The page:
Don't tell anyone: Steph's story

Steph Hansen

Although 2020 was full of unexpected events – from a global pandemic, to economic instability, to a renewed call and movement for civil rights and equality seen and heard around the world – it has also given us the opportunity to reflect. At Suncor, it’s been a time of transformation and a call for us to come together to be different, be better and do better. 

In 2020 we announced our support of the Black Lives Matter movement, and our intention to do better. We take this seriously and as part of our long-term commitment to listen, understand and learn, we had three company-wide conversations about racism and discrimination, and we also heard directly from our employees about their lived experiences. 

We continue to share stories from Suncor team members, and this story reflects thoughts from Steph Hansen, a business process analyst and co-lead of Suncor’s LGBTQ2S+ employee inclusion network, Prism. Steph shares her coming out story and reminds us how we can all be allies in the face of racism and discrimination: 

At a young age I knew there was something different about me. It wasn’t that I really liked sports (hockey, softball and golf in particular), or that I had low self-esteem, or that I was bullied; I just never felt like I fit in. I never felt like I fit into society. When I was young, I didn’t know about the LGBTQ2S+ community and I didn’t know that it was okay to feel like you didn’t fit the gender you were born with. I also didn’t know that it was okay to like the same sex.

The reality was that it actually wasn’t okay to feel any of the above. Not only was homosexuality a term that, until 1990, was designated a mental disorder, but it wasn’t until 1996 that someone’s sexual orientation became legally protected as a prohibited ground of discrimination in the Canadian Human Rights Act. And just recently, on June 15, 2020, the United States Supreme Court issued a momentous ruling that protects gay and transgender people against discrimination in the workplace.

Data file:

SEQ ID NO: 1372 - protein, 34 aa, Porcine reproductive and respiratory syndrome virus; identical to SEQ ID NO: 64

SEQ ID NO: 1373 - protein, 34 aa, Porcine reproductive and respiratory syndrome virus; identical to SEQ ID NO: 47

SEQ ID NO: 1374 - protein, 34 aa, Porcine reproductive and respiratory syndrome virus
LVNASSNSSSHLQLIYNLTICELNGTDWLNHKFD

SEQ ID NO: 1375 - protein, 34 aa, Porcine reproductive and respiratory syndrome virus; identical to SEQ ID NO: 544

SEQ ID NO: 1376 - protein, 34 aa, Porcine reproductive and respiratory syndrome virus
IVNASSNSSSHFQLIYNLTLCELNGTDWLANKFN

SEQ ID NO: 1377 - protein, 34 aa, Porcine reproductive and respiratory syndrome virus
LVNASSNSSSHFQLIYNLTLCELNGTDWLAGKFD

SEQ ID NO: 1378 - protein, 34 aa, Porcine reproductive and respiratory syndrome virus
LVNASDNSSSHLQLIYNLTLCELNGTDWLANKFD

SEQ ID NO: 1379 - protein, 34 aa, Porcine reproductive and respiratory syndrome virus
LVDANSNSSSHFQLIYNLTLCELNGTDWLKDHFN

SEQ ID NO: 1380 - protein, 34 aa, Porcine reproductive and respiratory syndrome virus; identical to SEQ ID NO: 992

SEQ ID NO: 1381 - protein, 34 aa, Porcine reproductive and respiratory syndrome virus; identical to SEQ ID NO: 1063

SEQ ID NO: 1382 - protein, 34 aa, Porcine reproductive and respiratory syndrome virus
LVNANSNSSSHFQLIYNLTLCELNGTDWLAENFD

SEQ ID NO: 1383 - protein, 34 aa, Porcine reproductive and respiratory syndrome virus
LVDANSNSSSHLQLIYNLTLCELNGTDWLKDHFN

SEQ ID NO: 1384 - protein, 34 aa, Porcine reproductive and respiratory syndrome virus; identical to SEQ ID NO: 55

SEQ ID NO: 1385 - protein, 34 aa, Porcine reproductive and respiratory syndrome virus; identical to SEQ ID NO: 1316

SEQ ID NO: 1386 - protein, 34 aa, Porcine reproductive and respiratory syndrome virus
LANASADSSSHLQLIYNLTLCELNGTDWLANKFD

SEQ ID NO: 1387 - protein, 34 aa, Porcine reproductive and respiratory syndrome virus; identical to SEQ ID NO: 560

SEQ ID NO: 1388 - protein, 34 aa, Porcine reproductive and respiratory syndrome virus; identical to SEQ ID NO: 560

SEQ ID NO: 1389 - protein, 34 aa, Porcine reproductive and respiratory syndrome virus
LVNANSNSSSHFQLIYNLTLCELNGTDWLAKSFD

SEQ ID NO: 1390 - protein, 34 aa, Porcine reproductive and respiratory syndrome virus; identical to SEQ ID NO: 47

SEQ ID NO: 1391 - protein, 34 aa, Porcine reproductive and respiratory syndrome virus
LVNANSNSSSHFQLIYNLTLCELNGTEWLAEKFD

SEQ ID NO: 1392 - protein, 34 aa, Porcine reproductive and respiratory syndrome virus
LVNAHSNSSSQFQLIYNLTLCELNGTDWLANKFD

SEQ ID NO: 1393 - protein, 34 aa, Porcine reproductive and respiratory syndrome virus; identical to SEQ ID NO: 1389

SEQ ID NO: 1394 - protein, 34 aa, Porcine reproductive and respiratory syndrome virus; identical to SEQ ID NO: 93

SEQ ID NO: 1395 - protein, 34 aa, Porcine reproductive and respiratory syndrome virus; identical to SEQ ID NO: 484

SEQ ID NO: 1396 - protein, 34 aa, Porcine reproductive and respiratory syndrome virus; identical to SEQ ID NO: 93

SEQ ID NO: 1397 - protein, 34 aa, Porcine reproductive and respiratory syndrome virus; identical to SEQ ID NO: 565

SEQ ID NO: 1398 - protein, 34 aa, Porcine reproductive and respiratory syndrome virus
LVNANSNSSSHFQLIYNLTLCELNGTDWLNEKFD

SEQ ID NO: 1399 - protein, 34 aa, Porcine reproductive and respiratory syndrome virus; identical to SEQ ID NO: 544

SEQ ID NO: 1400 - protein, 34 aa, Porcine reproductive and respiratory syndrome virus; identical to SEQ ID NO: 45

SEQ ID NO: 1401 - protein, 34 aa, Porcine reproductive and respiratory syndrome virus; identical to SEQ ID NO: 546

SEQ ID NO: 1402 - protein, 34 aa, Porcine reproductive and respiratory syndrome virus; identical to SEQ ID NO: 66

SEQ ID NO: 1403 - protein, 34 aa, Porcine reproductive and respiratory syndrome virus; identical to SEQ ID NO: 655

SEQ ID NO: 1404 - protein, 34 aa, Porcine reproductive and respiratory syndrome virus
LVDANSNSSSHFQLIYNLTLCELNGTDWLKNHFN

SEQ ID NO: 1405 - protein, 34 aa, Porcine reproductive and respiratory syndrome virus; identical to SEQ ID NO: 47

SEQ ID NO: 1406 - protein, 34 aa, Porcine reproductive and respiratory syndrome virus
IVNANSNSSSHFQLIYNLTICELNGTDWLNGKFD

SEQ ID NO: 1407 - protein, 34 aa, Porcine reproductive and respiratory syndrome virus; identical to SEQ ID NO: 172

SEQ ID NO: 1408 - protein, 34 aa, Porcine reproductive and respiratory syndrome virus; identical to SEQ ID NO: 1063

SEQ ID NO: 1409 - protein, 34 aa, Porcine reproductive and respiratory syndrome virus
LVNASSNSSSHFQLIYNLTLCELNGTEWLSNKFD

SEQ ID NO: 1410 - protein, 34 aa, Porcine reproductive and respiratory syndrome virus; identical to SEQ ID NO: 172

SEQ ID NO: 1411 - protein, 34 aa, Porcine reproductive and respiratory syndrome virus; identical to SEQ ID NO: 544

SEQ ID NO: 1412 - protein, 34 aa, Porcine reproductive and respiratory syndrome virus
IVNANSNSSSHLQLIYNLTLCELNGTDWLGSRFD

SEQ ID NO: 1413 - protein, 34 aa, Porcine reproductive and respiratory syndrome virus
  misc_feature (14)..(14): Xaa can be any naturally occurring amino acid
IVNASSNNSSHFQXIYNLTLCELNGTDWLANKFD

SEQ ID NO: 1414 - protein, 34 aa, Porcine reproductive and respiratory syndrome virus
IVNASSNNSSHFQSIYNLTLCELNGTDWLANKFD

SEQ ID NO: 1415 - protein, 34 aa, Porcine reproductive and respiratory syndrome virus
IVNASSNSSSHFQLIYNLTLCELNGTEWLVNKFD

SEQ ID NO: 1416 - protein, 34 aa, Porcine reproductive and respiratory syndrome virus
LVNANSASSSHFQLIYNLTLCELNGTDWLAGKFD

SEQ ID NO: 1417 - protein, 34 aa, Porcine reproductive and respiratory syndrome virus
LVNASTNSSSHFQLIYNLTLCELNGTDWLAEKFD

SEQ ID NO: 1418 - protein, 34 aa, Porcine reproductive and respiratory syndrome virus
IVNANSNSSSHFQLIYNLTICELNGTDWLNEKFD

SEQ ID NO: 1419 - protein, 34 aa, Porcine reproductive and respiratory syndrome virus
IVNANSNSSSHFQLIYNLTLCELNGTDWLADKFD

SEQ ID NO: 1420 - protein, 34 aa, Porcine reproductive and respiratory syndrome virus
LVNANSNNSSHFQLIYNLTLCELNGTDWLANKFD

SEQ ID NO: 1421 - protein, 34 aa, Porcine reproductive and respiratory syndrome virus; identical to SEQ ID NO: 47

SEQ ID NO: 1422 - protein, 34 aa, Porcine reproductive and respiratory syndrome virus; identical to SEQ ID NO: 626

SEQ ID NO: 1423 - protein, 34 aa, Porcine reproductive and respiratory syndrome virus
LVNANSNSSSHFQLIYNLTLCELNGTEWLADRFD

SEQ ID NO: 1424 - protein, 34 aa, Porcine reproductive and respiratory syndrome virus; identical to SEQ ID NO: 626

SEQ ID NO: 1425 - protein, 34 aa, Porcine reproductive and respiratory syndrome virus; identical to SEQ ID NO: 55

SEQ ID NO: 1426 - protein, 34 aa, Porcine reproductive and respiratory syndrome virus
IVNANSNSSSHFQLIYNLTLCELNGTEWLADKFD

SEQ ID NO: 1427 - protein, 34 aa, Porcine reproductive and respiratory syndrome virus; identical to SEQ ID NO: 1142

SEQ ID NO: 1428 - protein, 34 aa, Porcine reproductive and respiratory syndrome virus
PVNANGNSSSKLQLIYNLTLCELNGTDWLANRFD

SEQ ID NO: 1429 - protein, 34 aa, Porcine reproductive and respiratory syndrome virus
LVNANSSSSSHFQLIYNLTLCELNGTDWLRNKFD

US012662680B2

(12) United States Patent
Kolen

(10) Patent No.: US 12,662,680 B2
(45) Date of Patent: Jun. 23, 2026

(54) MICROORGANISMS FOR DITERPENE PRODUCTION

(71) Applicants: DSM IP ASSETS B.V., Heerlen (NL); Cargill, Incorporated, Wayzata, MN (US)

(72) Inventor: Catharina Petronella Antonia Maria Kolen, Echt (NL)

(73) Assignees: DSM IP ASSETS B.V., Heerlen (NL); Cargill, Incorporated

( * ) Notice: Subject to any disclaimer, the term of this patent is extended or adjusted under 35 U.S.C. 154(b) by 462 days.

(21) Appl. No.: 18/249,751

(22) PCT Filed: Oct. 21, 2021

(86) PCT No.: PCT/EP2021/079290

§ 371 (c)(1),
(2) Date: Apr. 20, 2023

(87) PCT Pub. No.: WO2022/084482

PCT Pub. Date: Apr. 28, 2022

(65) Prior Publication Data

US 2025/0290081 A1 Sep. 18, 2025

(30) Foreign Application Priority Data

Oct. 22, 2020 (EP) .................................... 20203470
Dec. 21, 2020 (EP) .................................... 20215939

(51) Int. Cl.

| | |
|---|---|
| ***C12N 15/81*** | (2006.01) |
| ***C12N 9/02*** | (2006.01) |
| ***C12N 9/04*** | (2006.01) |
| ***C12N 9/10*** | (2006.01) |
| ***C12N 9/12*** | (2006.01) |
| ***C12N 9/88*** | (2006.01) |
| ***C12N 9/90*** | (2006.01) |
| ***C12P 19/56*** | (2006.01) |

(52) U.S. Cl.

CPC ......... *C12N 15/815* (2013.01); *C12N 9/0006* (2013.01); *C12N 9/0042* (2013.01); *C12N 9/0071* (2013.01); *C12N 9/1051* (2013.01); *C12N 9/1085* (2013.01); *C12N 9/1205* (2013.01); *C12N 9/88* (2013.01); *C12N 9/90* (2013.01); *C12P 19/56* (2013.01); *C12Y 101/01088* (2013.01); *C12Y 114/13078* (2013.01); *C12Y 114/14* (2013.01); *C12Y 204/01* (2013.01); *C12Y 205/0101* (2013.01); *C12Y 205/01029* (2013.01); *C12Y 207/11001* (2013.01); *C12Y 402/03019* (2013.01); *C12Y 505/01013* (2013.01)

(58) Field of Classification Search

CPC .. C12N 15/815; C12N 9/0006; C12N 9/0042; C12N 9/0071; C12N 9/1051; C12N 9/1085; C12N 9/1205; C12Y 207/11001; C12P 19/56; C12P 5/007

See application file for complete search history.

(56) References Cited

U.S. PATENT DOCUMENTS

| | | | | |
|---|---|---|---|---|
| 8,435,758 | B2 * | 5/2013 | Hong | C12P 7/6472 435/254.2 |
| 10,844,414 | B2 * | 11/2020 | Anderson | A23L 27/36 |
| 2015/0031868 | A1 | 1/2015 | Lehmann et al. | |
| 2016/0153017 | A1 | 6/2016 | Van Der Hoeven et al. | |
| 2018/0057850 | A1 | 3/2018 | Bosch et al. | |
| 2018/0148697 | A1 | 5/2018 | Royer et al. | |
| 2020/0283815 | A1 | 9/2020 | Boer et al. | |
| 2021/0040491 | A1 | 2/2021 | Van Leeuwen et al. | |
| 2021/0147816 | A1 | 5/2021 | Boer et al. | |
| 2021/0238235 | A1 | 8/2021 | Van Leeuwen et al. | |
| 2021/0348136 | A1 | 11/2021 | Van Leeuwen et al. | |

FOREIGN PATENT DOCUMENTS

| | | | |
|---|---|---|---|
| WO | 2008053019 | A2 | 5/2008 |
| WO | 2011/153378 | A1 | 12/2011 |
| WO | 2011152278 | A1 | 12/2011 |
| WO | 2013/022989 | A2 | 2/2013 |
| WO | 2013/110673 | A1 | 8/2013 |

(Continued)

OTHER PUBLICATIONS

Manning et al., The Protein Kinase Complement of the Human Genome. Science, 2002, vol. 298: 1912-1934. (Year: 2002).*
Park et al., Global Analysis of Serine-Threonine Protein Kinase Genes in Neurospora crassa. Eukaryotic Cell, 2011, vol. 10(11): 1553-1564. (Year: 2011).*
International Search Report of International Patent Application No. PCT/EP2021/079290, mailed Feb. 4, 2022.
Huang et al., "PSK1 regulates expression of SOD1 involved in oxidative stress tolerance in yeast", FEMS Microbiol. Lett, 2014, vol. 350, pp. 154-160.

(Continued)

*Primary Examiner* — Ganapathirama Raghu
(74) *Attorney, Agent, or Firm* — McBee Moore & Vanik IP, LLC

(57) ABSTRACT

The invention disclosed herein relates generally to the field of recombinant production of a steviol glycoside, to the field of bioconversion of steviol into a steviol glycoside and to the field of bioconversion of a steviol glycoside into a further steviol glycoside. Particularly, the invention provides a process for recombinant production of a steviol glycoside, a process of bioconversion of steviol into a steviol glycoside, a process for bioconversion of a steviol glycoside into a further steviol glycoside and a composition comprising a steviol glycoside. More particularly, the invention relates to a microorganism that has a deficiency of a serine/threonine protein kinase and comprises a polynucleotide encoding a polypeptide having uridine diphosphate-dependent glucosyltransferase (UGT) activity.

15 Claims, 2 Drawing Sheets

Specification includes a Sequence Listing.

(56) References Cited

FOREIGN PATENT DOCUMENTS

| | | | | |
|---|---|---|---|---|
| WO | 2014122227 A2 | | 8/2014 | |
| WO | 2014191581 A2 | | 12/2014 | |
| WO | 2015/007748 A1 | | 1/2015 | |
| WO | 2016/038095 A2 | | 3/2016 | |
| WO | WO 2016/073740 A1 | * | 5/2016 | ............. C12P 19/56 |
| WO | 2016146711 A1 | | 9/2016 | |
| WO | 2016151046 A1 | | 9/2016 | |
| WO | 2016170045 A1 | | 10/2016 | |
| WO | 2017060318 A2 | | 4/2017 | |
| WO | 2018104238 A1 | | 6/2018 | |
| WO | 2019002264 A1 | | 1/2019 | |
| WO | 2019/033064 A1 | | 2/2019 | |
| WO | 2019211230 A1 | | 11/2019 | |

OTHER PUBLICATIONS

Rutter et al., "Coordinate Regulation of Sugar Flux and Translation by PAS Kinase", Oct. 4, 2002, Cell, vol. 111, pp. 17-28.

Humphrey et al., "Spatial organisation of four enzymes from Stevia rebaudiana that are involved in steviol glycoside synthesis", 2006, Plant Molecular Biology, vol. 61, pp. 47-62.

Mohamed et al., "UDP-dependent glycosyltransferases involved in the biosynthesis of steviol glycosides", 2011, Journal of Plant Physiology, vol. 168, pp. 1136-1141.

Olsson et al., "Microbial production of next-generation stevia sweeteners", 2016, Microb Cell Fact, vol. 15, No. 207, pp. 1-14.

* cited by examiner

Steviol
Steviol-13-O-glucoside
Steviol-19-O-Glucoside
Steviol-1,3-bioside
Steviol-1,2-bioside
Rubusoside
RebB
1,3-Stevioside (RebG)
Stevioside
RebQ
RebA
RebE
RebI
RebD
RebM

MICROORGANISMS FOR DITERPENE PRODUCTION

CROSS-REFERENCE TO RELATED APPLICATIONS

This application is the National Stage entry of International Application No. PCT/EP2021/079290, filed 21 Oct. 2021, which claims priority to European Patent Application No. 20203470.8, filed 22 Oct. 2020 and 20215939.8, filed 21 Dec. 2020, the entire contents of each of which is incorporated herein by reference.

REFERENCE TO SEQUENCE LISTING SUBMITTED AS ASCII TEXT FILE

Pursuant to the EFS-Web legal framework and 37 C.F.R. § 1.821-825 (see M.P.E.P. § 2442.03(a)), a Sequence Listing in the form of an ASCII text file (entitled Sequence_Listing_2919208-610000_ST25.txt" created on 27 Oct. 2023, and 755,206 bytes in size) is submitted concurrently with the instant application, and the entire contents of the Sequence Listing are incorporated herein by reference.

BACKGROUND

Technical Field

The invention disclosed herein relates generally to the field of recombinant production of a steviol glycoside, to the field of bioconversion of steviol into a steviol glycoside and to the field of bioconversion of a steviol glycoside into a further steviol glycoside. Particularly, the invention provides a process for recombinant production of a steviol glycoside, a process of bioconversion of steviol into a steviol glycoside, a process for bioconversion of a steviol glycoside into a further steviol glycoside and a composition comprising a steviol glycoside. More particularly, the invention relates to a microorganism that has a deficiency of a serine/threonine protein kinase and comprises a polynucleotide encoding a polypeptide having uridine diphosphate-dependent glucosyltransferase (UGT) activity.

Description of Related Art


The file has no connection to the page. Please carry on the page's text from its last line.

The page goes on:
When I look at those dates, I realize the reason I didn’t feel like I fit in growing up was because it was risky to identify as a member of the LGBTQ2S+ community, and as a young woman, information wasn’t readily available. I’ve been asked if I still think it’s risky to identify publicly, and my answer is still, “yes.” But when I was asked to write this article, I thought of my coming out story and the events that occurred days, weeks, months, and years after. When I started to realize that I like the same sex, I thought to myself, “shhh, don’t tell anyone. People won’t like you because of it, people will make fun of you and most importantly, it will hold you back.” I was 16 years old.

While my coming out story is one of positivity, not all of them are. I lost some relationships in my life, but I’m okay with that because, most importantly, I did not lose my family. I’m not going to tell you that my family was ready for me to bring a date home by any means, but they didn’t leave my side. They supported me in every way they could. In fact, the same year I came out, my parents supported me—their 16-year-old daughter—moving to Gettysburg, Pennsylvania, to play hockey. I didn’t have to leave because I came out. I wasn’t running away, and my parents didn’t send me away. Together we were facing our greatest fear with me moving to another country to live with a family my parents and I had only ‘met’ over the phone. But I do remember being told right before I left to “not tell anyone.” It’s only when I look back now that I realize those three words were said with love and to protect me.

What was supposed to only be one year away, turned into five when I chose to go to an American university. Those five years were life changing. I grew into my skin, I became confident in my sexuality, and I realized “don’t tell anyone” isn’t the answer. While I say that, unfortunately the answer still isn’t “tell everyone.” I may not feel comfortable holding my wife’s hand in certain places; we may not travel to certain countries where being LGBTQ2S+ is against the law; and I may change my words when I speak because I am still afraid of being discriminated against if I talk about my wife. But we’re getting there, and I feel very lucky to have a strong support system in my personal life and at work. We should all have this support.

There are many who have paved the way for me to be able to say I am a proud LGBTQ2S+ woman with a wife of 11 years and a supportive family. To them I say, thank you! I am also proud to say that I work for a company that realized a change is needed and that there is still a long way to go. Suncor is not only having the hard conversations, but also providing safe spaces to have them.

This is going to be hard and it is going to be uncomfortable—that’s growth. Let us all approach this time of growth and learning with an open mind and empathy.
- Steph 

We thank Steph and many others for their vulnerability and willingness to step forward and speak up. Together, we will be better. We are committed to continuing to listen, understand, learn, grow and support one another. We are stronger together.